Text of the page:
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"NC airport works to fend off FBO merger"
- From: "Stephen Irwin" <stepheni@xxxxxxxxxxxxxxxxxxxxxx>
- Date: Sat, 24 Feb 2007 01:59:19 -0600
Friday, February 23, 2007
Airport works to fend off FBO merger
The Raleigh (NC) Triangle Business Journal
MORRISVILLE - Raleigh-Durham International Airport Director John Brantley,
with the backing of his board, is working to thwart the merger of the two
companies that service private aircraft at the airport - citing the need for
Brantley says representatives of Landmark Aviation and Southern Jet, known
as fixed base operators, or FBOs, had inquired about the willingness of the
airport to approve the assignment of one of the FBO leases to the other FBO
tenant - resulting in a single FBO tenant.
The airport's response was loud and clear.
"Don't come over here with a request to get together with your next door
neighbor," says Brantley. "We want to see multiple folks providing service
The RDU Airport Authority made its statement Feb. 15 by approving a
resolution stating that the airport would oppose any attempt to consolidate
the companies into one. FBOs are private businesses that provide services
such as fueling, hangar space and maintenance to corporate jets and other
Each lease is for 20 years, and more than 15 years remain on each, says the
airport authority's resolution.
RDU has the teeth to back up the resolution, says RDU attorney Jim Tatum. He
says there's language in the FBOs' leases that prevents them from assigning,
subletting or transferring leases to another company without the airport's
Why does the airport care if two private businesses merge? The authority
wants to promote competition and is encouraged to do so by the Federal
Aviation Administration, says Tatum.
Asked about the airport's ability to squelch such a merger using provisions
in its leases, Duke University law professor Barak Richman says, "I can't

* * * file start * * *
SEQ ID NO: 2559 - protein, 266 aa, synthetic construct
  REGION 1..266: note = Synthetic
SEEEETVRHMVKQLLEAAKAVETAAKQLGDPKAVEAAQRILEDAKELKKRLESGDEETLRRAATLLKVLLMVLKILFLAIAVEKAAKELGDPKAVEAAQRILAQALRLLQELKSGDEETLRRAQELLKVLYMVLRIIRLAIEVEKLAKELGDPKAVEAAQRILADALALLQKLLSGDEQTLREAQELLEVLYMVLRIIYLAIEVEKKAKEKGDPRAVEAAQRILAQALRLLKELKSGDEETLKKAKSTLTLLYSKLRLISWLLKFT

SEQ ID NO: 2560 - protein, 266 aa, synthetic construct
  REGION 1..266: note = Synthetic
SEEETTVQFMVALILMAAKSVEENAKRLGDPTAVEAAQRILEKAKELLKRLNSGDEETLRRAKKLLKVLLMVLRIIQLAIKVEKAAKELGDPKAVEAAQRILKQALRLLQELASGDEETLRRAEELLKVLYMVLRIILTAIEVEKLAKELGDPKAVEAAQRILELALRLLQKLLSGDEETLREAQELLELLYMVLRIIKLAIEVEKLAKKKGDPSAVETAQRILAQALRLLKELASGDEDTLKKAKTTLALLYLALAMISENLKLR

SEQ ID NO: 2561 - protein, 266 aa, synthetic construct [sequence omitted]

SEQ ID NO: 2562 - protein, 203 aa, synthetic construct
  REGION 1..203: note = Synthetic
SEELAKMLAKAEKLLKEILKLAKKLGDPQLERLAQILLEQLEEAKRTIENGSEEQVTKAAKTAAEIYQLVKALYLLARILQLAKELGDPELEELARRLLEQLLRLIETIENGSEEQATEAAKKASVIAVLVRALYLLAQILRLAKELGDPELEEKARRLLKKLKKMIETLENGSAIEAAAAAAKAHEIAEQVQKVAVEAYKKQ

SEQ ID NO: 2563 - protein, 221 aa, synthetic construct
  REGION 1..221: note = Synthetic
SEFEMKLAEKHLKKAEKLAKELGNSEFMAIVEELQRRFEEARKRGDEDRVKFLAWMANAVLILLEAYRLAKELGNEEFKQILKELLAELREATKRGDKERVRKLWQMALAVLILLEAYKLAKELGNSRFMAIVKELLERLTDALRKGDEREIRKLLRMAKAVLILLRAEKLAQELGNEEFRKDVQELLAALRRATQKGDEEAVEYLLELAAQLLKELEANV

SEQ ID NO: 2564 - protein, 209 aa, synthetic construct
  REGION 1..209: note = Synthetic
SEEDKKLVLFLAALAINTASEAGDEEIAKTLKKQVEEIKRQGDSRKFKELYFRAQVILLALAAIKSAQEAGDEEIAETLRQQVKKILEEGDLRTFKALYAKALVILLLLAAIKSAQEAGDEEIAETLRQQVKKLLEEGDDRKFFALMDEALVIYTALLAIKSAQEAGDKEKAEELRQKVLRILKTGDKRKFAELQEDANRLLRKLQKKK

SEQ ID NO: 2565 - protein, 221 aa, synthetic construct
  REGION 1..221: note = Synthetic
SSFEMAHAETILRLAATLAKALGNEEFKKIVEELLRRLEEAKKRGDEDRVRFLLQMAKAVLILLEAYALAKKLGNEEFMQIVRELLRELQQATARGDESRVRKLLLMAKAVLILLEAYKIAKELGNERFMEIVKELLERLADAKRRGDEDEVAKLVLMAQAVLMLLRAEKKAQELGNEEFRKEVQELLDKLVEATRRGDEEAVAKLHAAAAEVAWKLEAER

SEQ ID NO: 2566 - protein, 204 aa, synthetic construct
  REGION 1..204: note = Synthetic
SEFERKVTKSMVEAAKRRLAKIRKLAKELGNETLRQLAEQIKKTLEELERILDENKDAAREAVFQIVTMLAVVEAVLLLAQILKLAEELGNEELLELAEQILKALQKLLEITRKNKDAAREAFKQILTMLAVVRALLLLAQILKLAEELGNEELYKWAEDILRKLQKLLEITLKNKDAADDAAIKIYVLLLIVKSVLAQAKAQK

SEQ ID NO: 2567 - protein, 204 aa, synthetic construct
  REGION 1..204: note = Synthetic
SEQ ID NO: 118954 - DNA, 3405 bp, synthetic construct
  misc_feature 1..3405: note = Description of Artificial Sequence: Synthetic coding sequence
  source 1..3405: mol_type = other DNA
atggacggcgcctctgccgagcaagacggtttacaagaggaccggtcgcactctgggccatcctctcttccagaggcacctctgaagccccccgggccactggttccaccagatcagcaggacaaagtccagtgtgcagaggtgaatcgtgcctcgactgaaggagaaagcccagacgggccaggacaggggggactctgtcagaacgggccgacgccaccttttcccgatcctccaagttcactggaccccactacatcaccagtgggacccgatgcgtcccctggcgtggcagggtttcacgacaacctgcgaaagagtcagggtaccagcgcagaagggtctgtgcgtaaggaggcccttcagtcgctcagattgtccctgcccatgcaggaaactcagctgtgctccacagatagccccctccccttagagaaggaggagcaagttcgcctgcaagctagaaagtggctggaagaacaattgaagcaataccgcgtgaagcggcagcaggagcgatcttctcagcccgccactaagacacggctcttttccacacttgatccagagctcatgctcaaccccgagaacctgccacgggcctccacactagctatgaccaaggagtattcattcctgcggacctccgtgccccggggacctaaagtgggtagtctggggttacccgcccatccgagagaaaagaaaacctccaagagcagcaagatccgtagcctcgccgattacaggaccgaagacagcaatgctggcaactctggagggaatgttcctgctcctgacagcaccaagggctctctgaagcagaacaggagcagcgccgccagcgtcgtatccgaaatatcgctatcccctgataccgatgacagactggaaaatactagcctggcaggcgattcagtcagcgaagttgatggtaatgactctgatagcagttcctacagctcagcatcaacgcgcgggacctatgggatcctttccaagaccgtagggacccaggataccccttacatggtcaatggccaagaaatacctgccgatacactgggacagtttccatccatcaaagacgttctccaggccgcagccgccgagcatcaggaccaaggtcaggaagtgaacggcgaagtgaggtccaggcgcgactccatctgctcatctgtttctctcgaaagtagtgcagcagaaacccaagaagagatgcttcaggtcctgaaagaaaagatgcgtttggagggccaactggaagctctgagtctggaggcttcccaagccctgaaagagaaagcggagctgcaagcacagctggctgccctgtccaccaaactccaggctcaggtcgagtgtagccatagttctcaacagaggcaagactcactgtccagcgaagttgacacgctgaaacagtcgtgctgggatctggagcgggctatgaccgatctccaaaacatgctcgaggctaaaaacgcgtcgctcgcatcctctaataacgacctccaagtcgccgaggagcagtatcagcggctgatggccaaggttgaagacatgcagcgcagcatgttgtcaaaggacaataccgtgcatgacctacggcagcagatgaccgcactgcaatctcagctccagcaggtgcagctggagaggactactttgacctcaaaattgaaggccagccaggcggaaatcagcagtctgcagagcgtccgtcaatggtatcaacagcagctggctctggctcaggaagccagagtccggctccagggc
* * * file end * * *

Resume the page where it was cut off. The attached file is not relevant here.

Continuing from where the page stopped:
think of a reason why that lease would not be enforceable." Richman, who
teaches contract and antitrust law, has not seen the leases and points out
that he would need to do so to be more confident in his assessment.
Brantley says that Landmark Aviation, known as Piedmont Hawthorne Aviation
prior to a 2004 merger, has been interested in acquiring competing FBOs for
years. "There's always a propensity if you're a big guy to swallow the
little one," he says.
Tempe, Ariz.-based Landmark has 29 FBO operations around the country, while
Southern Jet's sole location is at RDU.
Asked about a potential acquisition and the airport's resolution, Landmark
spokeswoman Cathy Gedvilas says the company is always looking at growth
opportunities to expand its network and customer reach. But she adds that
nothing is in the works with Southern Jet right now.
"Landmark Aviation is not currently contracted or in discussions with
Southern Jet, and we do not comment on the actions of governmental
entities," she says.
Dr. Tom Melin, a Wilmington neurosurgeon who is Southern Jet's majority
owner, did not return repeated messages seeking comment.
Asked about the prospects of Southern Jet being sold to Landmark, Southern
Jet Vice President of Operations Adam Elkins says, "I am not aware that it's
up for sale." Elkins deflected other questions about Southern Jet and the
authority's resolution, saying, "I really don't want to be quoted as saying
Elkins is new to the job. He was hired in mid-October to replace former
executive Sandy Lockhart. Dave Tresaloni, who had been Southern Jet's
general manager for years, also left in November. Tresaloni did not return a
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